DIE WILDE JAGD – it translates as “The Wild Hunt”, Anglophones, which will surely be the only possible connection to Swedish troubadour The Tallest Man on Earth we shall ever explore – is the sonic project of producer and songwriter Sebastian Lee Philipp.
Across three albums from 2015’s self-titled debut, through 2018’s Uhrwald Orange and last year’s Haut, Berlin’s Sebastian Lee Philipp has moved ever further leftfield from a Teutonic synth and motorik informed beginning, out through a hard-edged psychedelia into songs growing ever more longform and dark, tenebrous even; Haut was comprised only of four tracks, compared to the debut’s 16.
And with this fourth album, the move into longform is complete and, beyond a certain atmospheric consistency, Die Wilde Jagd are an almost completely unrecognisable prospect from the band which first signed for Bureau B only a little over six years ago.
It’s entirely fitting, of course, that Sebastian be plying his trade at Bureau B, the Hamburg imprint which is very much the go-to for all things German and electronic, be that modern or back catalogue; be that quirky synthpop or krautrock originators, such as Conrad Schneider, Faust, Cluster et al.
The story behind ATEM – ‘Breath’ is this: it’s a composition especially commissioned by the Roadburn Festival in Tilburg, The Netherlands, which self-styles as a boutique event, and “Europe’s leading underground festival for heavy music of all types, unrestricted by genre”; this year’s event, held in April, featured Alcest, Hangman’s Chair, Full of Hell, GGGOLDDD, and scores of other acts. Something of a salon, then, at which like minds across disparate genres can meet and correspond, listen and mutually amaze.
ATEM was performed at the festival this year on the night of April 16th, and this 45-minute piece was performed and captured for this recording that very evening; it gets a limited release of 500 only on vinyl, so if dark drone suites are your thing, be so appraised. You’ll find ordering details right down the very bottom there.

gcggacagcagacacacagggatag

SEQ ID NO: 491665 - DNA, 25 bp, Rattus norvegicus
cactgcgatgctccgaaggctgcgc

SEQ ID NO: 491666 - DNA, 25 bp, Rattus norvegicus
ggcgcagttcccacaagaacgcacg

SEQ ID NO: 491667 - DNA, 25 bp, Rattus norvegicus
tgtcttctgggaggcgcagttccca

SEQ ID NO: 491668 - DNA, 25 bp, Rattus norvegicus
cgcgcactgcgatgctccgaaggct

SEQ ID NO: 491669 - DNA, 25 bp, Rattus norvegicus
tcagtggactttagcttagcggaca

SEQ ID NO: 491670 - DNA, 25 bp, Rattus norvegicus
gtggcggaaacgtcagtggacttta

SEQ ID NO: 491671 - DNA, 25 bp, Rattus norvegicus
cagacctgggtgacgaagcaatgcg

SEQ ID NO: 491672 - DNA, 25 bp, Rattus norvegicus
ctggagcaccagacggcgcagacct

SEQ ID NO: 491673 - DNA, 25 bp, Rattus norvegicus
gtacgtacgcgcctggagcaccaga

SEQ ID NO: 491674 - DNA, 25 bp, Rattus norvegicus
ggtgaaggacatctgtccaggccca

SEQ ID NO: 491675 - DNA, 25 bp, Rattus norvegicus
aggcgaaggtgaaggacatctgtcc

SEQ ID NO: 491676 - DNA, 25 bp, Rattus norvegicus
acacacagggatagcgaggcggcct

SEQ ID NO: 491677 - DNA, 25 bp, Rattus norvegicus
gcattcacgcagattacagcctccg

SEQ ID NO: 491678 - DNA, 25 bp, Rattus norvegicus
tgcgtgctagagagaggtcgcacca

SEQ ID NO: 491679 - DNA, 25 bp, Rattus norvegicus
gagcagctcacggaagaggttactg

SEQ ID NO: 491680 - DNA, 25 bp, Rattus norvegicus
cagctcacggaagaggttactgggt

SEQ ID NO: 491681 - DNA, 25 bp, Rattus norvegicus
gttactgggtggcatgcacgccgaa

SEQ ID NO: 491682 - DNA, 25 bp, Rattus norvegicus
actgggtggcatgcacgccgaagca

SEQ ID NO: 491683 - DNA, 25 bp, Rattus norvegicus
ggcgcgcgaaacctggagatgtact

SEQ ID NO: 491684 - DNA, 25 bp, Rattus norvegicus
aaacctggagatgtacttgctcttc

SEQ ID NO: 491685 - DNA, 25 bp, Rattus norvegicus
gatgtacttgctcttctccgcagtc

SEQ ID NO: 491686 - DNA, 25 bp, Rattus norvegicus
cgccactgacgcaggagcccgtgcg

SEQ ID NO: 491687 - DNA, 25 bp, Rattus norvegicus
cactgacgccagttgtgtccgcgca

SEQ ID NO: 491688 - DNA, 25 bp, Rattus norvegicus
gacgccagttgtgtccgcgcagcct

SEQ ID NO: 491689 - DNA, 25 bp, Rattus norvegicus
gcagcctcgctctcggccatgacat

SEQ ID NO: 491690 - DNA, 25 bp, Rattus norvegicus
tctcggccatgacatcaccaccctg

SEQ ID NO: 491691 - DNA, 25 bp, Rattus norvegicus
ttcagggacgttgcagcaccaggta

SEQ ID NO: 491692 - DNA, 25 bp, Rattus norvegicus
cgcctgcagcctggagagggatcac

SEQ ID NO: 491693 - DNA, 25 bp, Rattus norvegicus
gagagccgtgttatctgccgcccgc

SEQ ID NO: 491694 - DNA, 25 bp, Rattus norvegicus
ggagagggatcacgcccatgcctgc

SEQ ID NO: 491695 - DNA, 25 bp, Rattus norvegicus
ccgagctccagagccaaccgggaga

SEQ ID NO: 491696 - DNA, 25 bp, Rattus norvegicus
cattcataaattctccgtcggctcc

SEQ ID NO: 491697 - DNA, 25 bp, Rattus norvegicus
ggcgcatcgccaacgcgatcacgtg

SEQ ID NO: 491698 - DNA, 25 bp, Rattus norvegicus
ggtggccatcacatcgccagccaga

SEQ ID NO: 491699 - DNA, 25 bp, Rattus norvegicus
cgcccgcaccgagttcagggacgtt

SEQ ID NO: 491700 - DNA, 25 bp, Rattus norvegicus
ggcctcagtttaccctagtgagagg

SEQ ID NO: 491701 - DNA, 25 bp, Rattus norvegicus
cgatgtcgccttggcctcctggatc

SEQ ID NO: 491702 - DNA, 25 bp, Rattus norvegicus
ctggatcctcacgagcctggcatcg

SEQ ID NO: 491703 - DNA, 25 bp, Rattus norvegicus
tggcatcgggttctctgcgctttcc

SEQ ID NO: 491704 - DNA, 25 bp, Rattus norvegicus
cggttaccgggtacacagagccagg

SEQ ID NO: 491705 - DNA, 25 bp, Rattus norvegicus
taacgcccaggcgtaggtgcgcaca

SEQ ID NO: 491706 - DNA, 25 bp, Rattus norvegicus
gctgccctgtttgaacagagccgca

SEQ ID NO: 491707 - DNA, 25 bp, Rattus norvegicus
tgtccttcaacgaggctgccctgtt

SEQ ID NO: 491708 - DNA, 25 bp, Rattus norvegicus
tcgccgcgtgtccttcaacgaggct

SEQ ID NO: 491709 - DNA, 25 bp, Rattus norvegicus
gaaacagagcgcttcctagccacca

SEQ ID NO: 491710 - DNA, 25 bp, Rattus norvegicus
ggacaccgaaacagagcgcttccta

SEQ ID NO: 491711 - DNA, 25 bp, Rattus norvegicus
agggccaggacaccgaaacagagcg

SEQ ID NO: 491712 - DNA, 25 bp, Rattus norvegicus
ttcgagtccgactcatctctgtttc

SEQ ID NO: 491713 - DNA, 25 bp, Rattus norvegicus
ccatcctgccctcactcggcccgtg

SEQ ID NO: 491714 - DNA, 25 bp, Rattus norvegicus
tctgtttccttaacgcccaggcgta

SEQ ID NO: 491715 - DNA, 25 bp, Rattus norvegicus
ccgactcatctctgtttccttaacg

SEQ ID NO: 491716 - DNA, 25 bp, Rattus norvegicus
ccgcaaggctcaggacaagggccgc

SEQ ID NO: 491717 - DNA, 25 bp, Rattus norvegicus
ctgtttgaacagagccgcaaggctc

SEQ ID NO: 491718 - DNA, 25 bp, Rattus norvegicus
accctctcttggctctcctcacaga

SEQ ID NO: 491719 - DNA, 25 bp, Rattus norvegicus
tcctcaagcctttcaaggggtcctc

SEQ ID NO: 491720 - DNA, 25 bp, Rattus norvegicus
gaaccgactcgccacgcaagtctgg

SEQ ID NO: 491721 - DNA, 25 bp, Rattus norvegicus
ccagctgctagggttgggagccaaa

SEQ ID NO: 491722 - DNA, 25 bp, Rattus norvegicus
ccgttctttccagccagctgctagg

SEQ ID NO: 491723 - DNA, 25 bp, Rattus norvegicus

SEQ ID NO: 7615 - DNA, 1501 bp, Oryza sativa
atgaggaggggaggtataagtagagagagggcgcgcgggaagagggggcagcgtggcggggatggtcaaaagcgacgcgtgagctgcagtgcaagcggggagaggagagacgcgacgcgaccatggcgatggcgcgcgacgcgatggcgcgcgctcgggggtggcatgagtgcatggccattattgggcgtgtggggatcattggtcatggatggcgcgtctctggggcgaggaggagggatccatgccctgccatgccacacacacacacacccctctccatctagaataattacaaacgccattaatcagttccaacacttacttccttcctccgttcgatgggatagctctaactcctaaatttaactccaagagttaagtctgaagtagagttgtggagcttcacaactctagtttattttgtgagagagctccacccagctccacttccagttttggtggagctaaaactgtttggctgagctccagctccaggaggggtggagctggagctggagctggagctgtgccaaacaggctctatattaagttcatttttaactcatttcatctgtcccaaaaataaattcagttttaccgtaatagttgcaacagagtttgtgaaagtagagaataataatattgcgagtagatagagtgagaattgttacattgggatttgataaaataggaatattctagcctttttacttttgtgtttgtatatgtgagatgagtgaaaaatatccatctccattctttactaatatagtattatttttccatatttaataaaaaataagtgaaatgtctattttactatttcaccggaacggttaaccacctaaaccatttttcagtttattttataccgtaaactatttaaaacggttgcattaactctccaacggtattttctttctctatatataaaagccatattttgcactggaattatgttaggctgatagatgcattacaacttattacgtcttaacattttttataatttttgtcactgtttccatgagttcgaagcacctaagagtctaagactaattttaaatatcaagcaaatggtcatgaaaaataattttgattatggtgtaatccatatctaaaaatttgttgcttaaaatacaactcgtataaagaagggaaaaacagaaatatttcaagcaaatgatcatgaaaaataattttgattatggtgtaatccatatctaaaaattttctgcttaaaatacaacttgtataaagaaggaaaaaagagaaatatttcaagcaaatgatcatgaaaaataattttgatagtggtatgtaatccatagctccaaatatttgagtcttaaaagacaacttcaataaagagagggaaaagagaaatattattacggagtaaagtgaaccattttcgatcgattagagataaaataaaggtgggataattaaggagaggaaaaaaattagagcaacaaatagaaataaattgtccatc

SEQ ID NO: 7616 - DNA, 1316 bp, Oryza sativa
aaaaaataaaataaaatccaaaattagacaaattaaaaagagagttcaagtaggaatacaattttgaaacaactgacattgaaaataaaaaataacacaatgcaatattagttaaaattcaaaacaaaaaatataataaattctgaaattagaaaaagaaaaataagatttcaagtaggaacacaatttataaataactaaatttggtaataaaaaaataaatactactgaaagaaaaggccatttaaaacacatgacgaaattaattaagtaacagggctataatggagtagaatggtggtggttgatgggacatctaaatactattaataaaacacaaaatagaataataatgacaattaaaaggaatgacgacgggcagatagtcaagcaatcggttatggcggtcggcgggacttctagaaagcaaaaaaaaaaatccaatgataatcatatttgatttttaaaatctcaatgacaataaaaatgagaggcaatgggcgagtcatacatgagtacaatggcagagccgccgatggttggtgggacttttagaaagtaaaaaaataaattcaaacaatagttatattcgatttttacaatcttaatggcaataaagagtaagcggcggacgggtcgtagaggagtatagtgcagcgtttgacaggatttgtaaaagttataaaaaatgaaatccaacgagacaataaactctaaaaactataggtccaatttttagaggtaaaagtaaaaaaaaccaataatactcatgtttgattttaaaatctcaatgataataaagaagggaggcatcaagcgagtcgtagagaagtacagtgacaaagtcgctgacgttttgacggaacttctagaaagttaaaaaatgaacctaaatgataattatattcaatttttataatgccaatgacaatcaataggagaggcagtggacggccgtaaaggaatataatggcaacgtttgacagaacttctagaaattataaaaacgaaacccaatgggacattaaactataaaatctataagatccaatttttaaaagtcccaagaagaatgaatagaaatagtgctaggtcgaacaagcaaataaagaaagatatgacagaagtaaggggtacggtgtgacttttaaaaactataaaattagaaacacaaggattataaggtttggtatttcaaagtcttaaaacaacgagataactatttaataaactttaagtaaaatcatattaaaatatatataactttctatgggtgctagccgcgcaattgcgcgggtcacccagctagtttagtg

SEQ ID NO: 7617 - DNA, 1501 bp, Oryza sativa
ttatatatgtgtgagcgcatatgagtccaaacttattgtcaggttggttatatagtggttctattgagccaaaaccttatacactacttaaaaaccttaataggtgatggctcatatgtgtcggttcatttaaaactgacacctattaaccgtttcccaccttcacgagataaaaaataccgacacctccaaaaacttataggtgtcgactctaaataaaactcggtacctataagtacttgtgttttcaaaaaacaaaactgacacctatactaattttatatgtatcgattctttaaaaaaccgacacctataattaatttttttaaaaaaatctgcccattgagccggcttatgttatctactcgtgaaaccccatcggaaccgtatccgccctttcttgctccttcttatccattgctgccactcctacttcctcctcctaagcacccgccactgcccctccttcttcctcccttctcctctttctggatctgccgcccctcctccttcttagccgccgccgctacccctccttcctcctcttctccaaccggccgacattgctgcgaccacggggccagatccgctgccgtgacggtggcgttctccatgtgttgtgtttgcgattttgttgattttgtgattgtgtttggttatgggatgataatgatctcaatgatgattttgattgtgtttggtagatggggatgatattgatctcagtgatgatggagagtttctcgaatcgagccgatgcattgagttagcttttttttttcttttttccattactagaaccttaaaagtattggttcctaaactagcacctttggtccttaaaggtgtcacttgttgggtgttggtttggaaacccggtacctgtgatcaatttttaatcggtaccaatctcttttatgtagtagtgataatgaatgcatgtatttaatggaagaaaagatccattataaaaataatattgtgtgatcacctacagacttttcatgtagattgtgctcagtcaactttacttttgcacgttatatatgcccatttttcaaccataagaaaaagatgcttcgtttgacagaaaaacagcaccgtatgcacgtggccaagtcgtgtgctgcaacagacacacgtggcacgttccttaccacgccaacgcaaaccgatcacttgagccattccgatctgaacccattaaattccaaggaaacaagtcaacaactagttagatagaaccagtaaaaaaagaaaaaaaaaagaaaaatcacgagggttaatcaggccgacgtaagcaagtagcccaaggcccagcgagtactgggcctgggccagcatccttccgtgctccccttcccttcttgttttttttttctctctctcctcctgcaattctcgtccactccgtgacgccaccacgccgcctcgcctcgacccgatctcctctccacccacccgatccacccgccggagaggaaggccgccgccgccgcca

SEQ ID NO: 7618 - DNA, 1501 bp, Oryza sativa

The piece was written for wooden organ pipes, cello, percussion and electronics, which combination is powerful in its fusion; and was performed on the night by Sebastian himself, Lih Qun Wong and Ran Levari.
Sebastian plays synthesizers and an instrument developed specifically for the performance: a wooden organ pipe operated by air compressor. Lih Qun Wong contributes cello and voice, and Ran, who’s played drums in Die Wilde Jagd since 2017, handles the percussion.
Speaking of ATEM, Sebastian says: “As human evolution enters new realms of reality, I find myself drawn to explore the basic essences of life: the things we are made of, that we take for granted and are, yet, still full of mystery.
“The parallels between breath and music are undeniable: pace, rhythm, volume and dynamic fluctuations influence us deeply. Breath is the elixir of life and the fuel for one of the most primitive vibrations: the human voice.”
It eases into being so gradually, does ATEM, as you’d imagine a piece of three-quarters of an hour might; it’s all about the sound of the space as it opens, the sound within near-silence: breath, a hollow quality, a susurration that’s either waves or amniotic experience, maybe both. There’s the vestiges of a voice; an exhalation savage, like chill wind, blows through.